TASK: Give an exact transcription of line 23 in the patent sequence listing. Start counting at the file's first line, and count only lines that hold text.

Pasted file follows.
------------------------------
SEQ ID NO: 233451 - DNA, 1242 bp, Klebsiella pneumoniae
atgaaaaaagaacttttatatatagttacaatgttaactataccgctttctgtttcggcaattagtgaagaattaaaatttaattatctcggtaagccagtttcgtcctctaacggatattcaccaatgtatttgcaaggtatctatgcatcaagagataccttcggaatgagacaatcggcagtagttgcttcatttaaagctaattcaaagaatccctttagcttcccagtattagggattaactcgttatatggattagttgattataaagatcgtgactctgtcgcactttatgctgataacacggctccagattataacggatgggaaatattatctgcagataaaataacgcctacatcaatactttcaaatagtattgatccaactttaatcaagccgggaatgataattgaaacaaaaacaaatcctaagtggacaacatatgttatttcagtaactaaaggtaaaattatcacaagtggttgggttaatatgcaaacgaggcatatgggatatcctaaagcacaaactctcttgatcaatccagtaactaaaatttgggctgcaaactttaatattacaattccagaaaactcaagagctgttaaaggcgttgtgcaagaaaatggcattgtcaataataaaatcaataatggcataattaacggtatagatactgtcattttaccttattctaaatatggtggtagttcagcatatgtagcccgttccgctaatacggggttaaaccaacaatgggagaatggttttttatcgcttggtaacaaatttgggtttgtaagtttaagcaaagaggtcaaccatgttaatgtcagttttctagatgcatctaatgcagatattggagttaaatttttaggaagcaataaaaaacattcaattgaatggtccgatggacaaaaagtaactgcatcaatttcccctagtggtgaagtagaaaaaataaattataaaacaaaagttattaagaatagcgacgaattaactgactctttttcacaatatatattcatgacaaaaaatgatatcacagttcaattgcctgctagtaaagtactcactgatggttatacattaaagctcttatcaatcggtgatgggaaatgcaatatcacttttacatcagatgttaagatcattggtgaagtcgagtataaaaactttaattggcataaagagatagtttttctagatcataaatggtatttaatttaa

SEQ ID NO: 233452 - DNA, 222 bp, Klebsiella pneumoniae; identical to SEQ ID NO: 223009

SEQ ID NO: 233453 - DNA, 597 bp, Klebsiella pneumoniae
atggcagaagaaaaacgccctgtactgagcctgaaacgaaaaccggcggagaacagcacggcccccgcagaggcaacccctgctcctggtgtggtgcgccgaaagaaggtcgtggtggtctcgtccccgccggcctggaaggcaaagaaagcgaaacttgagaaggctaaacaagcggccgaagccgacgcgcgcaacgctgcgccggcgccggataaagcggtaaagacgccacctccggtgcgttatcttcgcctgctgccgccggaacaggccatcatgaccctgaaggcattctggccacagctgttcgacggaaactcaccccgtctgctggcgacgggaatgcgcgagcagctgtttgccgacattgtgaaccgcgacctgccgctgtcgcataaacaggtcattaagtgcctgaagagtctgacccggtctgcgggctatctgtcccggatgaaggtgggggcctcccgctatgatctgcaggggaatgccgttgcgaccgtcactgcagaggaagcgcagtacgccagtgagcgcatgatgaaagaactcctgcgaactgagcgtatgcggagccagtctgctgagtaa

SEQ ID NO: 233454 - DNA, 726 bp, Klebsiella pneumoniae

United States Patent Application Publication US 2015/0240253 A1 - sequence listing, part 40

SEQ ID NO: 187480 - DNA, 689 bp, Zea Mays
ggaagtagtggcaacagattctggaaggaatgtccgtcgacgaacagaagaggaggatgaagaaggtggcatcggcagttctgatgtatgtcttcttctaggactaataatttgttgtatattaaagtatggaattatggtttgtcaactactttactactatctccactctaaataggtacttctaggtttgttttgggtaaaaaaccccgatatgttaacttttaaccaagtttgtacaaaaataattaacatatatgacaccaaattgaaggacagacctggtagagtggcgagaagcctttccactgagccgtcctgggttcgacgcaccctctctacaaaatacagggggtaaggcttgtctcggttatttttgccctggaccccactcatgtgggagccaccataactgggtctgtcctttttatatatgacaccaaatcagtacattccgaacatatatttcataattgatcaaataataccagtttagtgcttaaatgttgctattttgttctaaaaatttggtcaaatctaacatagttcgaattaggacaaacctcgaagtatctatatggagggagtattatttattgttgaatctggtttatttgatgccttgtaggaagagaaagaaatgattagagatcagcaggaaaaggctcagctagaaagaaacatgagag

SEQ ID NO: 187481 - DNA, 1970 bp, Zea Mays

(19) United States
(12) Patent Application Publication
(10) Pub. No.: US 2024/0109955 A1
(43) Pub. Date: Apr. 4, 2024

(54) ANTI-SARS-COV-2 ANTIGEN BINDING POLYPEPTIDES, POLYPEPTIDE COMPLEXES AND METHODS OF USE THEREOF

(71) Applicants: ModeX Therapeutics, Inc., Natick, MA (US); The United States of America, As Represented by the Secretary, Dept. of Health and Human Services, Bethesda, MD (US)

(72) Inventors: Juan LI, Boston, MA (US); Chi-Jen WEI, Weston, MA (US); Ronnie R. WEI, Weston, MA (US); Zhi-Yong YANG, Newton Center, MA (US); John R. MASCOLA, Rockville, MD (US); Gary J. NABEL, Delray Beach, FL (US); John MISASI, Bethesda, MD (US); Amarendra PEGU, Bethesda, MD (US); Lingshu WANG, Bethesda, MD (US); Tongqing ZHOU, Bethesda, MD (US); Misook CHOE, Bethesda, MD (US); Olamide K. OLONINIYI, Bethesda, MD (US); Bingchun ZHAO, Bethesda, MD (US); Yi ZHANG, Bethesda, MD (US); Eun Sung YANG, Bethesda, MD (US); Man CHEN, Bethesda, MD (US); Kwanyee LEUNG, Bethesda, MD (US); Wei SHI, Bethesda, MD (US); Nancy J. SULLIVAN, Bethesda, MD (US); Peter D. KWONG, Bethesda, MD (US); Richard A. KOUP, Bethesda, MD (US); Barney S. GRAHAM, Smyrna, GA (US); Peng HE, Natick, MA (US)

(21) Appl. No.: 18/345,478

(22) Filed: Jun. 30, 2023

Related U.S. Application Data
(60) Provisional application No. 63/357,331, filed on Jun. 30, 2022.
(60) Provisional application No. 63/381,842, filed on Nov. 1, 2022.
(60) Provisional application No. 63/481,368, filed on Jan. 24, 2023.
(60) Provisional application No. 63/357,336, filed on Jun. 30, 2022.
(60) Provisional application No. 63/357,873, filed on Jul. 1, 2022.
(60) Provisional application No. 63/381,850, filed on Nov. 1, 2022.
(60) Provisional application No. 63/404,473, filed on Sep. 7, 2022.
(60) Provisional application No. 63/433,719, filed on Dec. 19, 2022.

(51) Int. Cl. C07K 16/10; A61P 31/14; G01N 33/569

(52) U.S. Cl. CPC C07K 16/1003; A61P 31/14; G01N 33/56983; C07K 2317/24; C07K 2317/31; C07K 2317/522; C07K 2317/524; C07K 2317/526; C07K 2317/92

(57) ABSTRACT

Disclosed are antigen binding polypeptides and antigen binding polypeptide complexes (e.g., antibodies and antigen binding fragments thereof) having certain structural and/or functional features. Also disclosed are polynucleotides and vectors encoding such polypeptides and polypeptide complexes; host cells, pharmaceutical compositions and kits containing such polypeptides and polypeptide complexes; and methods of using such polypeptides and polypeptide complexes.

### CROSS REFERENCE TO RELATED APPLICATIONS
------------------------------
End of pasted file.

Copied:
(60) Provisional application No. 63/481,368, filed on Jan. 24, 2023.